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Fuel Cell Science

At its most basic, a hydrogen fuel cell is just a device that allows substances to combine chemically, without burning, to produce electricity.

Most fuel cells look like small boxes composed of densely packed layers of a cloth-like material and metal or plastic. Hydrogen, the fuel, flows in through a port on one side and oxygen through a port on the other.

Those two gases, which can’t combine without help, meet in the presence of a catalyst, most commonly platinum, that’s embedded in the cell’s layers.

The chemical reaction that ensues produces electricity; the cell keeps generating power as long as the hydrogen and oxygen keep flowing. Most appealing: The only byproducts are a tiny bit of heat — and water.

Two of the main hurdles in turning hydrogen fuel cells into the power source of the future for cars and other commercial applications include the amount and cost of platinum — about $1,400 an ounce — and the cost and difficulty of producing large quantities of hydrogen, which has to be extracted from water, natural gas or plant materials and then distributed through networks of fueling stations.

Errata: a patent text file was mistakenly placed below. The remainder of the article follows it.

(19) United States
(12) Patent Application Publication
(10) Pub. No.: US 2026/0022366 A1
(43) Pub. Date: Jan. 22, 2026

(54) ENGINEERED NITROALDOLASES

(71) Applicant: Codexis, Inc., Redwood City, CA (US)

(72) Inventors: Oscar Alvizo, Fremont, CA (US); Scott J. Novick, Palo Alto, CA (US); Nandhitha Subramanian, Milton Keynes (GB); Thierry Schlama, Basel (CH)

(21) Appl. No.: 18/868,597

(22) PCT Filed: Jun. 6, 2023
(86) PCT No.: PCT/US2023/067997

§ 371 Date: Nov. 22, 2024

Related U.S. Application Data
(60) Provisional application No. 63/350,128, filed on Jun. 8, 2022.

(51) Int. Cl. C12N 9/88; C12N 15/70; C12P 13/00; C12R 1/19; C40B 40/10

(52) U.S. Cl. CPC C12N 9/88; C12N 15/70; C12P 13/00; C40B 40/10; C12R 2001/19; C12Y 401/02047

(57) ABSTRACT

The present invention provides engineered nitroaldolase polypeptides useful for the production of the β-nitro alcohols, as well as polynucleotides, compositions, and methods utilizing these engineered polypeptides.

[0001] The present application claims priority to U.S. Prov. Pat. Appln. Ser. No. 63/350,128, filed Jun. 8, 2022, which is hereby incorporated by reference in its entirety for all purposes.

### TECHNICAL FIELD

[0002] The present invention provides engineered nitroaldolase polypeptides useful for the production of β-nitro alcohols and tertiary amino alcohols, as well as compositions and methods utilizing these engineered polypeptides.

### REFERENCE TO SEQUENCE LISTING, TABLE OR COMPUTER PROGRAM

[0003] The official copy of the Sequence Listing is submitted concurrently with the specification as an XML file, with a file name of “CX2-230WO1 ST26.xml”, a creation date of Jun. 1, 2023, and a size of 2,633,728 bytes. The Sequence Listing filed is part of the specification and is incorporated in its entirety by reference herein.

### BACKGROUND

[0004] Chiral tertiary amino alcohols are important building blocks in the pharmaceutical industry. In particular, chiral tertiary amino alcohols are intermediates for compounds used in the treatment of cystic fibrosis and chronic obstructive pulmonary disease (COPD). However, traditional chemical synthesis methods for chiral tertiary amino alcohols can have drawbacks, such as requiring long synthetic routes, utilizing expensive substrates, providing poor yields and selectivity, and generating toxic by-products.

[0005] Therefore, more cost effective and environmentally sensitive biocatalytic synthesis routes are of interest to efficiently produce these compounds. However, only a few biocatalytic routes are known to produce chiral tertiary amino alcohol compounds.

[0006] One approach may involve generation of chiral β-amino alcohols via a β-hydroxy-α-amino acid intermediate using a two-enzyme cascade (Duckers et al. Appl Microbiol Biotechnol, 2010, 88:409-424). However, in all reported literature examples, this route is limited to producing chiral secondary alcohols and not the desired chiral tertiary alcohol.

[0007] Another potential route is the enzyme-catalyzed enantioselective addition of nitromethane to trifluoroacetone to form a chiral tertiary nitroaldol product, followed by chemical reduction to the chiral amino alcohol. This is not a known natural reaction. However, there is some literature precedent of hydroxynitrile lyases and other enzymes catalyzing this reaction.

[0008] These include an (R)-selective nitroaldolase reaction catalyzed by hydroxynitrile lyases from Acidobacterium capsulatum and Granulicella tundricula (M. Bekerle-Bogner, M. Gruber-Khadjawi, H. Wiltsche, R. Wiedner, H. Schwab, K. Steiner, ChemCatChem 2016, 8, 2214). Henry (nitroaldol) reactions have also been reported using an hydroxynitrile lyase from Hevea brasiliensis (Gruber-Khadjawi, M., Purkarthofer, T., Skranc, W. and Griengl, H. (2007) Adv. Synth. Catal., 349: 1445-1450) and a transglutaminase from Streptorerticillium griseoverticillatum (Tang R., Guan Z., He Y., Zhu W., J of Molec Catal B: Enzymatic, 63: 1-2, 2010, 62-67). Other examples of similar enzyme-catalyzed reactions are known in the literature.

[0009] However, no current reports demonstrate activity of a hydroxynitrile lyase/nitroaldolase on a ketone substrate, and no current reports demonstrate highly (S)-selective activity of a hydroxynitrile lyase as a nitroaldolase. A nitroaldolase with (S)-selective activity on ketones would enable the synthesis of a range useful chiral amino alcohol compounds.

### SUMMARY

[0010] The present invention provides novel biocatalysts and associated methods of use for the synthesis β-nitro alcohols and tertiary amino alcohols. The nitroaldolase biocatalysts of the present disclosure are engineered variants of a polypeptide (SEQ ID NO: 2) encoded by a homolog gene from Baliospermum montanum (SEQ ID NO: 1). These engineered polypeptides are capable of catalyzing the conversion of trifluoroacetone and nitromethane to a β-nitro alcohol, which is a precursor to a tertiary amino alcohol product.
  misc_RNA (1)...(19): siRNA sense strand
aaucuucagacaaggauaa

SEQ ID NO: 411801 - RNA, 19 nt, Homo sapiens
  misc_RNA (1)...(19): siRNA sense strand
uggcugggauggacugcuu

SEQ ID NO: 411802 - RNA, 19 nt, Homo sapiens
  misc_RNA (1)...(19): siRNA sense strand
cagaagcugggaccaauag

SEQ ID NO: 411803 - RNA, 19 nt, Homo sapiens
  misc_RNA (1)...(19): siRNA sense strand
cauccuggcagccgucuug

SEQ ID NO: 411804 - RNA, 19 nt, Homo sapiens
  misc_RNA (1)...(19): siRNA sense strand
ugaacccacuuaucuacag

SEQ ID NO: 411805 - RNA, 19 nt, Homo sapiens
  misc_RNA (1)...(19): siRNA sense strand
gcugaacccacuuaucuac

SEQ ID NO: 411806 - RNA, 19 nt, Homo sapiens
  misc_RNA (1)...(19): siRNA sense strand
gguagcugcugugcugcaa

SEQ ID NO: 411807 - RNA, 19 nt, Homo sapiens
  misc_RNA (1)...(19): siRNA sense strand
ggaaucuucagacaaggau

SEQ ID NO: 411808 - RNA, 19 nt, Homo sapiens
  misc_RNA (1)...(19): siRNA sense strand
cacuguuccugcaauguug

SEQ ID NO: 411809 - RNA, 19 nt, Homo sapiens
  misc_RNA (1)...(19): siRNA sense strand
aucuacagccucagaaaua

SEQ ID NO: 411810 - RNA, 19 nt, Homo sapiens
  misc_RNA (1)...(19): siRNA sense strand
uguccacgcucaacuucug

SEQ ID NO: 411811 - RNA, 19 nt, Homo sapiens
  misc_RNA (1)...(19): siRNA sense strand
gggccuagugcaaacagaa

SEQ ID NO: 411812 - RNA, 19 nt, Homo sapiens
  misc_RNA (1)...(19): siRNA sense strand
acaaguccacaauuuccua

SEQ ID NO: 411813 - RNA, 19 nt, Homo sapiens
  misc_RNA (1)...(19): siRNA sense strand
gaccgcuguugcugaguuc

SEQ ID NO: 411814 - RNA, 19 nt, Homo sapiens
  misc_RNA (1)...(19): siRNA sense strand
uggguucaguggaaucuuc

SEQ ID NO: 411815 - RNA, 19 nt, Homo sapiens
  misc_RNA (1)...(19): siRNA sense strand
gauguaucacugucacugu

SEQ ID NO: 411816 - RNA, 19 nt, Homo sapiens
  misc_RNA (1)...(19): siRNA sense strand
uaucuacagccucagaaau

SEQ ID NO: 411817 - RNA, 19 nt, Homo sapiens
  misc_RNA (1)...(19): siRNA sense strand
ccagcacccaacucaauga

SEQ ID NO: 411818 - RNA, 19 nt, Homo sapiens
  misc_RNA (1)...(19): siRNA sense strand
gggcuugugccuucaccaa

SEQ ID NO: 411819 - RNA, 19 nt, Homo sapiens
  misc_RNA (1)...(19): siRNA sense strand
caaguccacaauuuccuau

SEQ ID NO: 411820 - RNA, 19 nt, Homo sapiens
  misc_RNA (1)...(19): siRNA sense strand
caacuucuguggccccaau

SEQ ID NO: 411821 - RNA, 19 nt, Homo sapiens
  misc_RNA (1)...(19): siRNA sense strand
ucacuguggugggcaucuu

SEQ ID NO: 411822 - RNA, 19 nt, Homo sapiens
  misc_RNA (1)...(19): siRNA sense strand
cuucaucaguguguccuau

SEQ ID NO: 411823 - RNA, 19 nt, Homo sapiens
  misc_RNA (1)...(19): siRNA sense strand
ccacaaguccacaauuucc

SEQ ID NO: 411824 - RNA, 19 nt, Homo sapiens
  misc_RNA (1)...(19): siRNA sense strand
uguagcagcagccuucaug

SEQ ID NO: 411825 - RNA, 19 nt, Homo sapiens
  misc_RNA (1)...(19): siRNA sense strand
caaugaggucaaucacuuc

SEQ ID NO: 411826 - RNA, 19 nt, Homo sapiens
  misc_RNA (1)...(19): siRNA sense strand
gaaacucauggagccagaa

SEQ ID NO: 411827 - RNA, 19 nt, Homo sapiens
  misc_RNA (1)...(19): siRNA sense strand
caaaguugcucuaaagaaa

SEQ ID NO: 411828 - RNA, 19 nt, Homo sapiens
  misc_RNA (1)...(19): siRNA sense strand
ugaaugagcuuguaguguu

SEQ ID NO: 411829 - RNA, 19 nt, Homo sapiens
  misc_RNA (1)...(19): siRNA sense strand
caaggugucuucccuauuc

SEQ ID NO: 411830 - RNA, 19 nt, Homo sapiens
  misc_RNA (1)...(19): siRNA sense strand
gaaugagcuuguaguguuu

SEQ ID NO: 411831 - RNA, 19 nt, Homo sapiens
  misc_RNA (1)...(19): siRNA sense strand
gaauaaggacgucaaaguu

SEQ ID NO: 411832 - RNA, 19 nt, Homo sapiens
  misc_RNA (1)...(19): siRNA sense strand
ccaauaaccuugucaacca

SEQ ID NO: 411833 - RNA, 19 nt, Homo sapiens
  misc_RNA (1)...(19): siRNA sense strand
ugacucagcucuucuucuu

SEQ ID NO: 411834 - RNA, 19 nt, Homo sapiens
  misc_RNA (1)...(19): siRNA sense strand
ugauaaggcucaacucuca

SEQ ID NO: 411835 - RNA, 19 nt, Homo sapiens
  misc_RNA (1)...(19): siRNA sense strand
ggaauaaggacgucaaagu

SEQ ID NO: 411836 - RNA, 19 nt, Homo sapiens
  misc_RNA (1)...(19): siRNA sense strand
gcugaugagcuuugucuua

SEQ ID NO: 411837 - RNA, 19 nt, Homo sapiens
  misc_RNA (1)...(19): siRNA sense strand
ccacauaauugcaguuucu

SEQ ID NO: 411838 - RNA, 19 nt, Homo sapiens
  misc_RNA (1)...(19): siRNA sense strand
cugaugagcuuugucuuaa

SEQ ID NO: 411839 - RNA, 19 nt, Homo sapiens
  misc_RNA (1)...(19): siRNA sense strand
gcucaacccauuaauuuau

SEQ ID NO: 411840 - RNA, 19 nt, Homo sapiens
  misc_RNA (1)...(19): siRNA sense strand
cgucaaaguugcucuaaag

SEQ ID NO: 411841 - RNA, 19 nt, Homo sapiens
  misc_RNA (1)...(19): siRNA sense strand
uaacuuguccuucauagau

Fuel Cells 101
In a fuel cell, hydrogen fuel isn’t burned. Instead, it reacts chemically with components inside the cell to produce electricity. The most common type of fuel cell is the PEM, short for proton exchange membrane. The membrane is a material that resembles kitchen plastic wrap.

» As air flows into one side of the fuel cell, hydrogen is fed into the other. The hydrogen interacts with a platinum-coated cloth or paper and splits into electrons, which have a negative electrical charge, and protons, which are positively charged.

» The protons pass through the membrane. The electrons cannot pass through the membrane. Instead, they form an electrical current that travels through an external circuit, powering a motor or other device.

» The oxygen in the air combines with the electrons and protons from the hydrogen fuel, creating exhaust in the form of water and heat.